A lack of communication, education and access to screenings contribute to the struggle some individuals and health care professionals face.
With 90 percent of eligible lung cancer screening patients still not undergoing their preventive screenings, finding a way to reduce this number is vital. Liptay and his team have adopted a two-step approach to finding a solution.
“The first is to help our primary care physicians and any other primary, any other health care professional that has patients at risk in their practice, to educate them on the criteria,” he says. Liptay hopes to ensure open lines of communication and increased access to education by building and maintaining great relationships with primary care physicians and patients and their families. The goal is to make it easier for physicians to have more conversations about smoking cessation and formal lung cancer screenings. The second step for Liptay and his team is continuing to reach out to patients with a family history of lung cancer or those who have smoked for at least 15 years.
“There are patients that could be at a reasonable risk still that are outside of that criteria,” Liptay admits. “Say they had a family history of lung cancer or they only smoked for 15 years and quit. That’s still a significant exposure, and we feel that those people should have access to, you know, potentially life-saving screening studies themselves. So, Rush is in the process of coordinating things with our system to provide affordable lung cancer screenings and follow-ups for those patients.”
Liptay leads a team of world-class physicians devoted to offering the best in patient care. From conducting cutting-edge research to employing a multimodal treatment approach, Liptay encourages everyone to know that a lung cancer diagnosis today, especially when detected early, doesn’t always mean what it did 30 years ago.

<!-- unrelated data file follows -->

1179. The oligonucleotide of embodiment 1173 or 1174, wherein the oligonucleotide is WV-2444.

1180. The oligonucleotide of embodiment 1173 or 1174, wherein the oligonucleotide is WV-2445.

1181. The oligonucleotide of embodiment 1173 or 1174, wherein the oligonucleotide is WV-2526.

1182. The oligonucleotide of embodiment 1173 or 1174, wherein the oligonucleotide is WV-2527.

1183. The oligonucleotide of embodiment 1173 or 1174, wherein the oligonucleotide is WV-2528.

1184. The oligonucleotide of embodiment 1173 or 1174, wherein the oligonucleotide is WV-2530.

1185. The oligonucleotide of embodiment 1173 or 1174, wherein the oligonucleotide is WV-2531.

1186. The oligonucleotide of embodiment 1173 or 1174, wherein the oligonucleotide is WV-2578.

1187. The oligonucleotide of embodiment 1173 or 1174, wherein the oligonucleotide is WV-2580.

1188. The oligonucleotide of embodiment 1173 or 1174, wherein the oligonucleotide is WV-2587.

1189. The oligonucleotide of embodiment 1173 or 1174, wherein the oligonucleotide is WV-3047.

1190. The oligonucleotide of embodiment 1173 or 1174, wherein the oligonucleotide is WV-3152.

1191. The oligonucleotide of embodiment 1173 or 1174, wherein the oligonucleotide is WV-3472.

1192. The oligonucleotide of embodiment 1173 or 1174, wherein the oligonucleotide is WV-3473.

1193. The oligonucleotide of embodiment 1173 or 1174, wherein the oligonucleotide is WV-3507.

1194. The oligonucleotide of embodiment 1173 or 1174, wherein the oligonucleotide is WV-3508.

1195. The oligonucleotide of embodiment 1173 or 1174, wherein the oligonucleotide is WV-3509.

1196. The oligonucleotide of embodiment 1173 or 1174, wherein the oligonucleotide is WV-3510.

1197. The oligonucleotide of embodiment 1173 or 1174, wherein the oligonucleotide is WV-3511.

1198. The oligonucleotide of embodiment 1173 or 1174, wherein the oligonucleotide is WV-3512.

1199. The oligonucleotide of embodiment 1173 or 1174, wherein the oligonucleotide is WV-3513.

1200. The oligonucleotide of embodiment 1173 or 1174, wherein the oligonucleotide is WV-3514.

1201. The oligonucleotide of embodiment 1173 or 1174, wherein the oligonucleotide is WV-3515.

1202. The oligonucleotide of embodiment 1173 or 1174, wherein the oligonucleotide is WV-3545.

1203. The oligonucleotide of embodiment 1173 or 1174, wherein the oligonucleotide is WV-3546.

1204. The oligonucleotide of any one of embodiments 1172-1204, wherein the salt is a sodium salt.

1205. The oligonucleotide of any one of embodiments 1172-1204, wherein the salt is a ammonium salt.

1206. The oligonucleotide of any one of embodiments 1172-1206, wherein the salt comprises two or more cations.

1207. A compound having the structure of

Liptay also wants patients to know that there’s always an opportunity to make healthy lifestyle changes despite having a smoking history. “There’s often a nihilistic or fatalistic attitude that patients can have.Well, you know what, if I get it, I get it. They can’t do anything about it anyway,’” he shares. “I would advocate that if patients are still smoking, it’s never too late to get your health back. Your lungs will thank you.”
Liptay remains dedicated to reducing the number of lung cancer cases annually by spreading awareness and continuing to offer his patients invaluable care. The same passion for innovation and patient care that drove him to pursue a career in medicine fuels him even more today.
“Fast forward to today, we’re lung cancer screening, there’s a lot of enthusiasm of early detection and the nihilism of patients with lung cancer all dying, in short order, has been replaced with a new optimism of early detection and other options even for patients that present later, such as immunotherapy and specific targeted therapy to one patient’s specific tumor gene expression,” Liptay says. “All of those things are things that, today, make my field so exciting and also make my choice to go into thoracic surgery, I feel like, such a rewarding one.”